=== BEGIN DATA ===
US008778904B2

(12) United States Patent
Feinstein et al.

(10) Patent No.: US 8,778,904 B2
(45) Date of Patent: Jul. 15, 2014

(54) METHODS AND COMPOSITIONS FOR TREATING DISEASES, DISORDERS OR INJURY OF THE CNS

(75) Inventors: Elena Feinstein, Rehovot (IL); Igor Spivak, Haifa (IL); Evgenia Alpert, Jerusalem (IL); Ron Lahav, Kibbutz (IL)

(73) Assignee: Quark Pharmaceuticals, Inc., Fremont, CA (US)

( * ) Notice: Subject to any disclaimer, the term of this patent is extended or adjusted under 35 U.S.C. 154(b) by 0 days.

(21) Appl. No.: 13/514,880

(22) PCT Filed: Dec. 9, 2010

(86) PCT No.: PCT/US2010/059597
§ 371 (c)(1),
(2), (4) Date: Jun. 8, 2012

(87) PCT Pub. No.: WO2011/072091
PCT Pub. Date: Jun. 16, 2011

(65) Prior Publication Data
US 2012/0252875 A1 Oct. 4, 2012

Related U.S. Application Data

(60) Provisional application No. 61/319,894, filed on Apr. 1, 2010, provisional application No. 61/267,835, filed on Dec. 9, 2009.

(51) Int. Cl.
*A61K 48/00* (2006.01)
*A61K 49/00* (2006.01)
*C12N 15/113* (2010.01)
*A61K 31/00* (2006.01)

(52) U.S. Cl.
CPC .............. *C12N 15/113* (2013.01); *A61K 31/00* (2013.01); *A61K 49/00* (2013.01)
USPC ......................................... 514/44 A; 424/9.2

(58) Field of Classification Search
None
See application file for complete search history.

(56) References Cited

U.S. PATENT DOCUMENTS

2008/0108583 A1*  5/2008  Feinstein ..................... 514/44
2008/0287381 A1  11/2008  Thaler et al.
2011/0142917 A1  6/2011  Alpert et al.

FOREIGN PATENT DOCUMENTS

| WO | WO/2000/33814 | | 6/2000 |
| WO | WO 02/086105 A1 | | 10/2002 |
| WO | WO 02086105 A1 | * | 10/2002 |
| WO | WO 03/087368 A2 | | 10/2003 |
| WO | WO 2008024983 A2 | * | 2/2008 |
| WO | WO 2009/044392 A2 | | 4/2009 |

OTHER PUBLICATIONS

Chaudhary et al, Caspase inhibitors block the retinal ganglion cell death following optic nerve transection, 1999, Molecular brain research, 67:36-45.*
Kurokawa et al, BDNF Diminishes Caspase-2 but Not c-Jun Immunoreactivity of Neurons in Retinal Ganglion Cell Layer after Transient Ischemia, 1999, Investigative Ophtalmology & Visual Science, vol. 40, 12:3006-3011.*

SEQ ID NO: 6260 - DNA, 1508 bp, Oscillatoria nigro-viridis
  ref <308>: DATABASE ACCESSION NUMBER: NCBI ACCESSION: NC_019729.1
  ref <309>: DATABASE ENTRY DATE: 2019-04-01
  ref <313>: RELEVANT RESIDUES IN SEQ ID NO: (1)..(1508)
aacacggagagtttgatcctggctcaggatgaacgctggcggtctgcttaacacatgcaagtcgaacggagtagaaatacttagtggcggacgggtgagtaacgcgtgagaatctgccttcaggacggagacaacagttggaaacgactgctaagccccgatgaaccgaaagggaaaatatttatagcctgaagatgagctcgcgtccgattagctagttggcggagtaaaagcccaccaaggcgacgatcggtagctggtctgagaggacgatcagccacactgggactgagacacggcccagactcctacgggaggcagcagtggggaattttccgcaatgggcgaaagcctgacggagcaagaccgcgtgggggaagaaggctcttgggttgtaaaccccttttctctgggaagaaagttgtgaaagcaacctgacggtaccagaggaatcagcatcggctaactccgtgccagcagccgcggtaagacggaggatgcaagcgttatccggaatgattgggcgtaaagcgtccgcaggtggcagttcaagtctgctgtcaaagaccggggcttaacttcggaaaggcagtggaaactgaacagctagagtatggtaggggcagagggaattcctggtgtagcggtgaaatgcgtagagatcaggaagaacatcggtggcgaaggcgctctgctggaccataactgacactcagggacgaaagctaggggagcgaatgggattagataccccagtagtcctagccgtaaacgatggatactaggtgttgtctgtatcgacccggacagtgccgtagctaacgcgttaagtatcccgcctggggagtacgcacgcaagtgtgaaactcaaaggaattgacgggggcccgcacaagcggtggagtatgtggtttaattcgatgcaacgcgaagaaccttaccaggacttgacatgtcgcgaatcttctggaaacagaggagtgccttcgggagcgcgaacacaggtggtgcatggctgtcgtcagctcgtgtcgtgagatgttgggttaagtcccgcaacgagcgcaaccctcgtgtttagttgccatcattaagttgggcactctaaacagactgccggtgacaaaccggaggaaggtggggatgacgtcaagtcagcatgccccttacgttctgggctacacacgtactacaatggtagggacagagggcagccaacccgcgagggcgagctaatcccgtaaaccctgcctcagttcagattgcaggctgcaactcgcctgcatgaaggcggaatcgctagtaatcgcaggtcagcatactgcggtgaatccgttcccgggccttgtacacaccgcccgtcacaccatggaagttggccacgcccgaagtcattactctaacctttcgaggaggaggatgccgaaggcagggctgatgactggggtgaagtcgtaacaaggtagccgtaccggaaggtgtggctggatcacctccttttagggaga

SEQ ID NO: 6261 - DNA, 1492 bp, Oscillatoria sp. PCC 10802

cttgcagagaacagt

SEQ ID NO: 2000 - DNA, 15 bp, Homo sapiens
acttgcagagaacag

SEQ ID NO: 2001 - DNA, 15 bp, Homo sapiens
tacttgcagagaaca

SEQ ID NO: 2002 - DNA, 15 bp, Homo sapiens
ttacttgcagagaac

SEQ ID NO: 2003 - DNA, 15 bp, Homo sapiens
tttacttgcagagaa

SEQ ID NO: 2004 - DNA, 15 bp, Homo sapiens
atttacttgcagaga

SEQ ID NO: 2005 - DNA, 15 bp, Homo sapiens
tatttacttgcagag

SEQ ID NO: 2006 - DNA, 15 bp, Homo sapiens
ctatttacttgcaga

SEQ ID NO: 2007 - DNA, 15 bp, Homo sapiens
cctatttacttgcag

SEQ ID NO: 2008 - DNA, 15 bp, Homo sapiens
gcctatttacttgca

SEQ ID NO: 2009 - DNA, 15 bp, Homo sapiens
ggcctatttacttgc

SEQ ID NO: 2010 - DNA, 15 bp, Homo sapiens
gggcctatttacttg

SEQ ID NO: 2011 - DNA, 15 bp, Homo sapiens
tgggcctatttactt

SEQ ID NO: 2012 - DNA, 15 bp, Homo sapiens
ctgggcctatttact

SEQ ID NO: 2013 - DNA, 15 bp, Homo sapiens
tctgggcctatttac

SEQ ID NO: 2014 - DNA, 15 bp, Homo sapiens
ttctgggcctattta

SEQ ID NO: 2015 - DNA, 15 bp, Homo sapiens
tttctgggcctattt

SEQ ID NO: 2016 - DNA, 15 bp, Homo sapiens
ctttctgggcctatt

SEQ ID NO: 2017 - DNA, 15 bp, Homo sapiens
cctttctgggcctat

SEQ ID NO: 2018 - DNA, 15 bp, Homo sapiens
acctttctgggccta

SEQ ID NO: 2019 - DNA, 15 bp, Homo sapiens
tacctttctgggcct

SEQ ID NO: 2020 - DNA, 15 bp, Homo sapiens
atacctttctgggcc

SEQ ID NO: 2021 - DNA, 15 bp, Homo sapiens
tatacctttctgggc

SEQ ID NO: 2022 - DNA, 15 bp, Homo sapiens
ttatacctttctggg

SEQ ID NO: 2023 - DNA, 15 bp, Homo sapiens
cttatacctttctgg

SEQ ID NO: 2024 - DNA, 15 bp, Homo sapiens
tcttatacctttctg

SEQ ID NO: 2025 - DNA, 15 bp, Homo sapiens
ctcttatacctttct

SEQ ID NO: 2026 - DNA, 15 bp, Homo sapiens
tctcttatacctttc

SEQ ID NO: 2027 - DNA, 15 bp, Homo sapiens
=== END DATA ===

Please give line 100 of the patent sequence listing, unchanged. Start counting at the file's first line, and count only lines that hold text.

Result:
SEQ ID NO: 2023 - DNA, 15 bp, Homo sapiens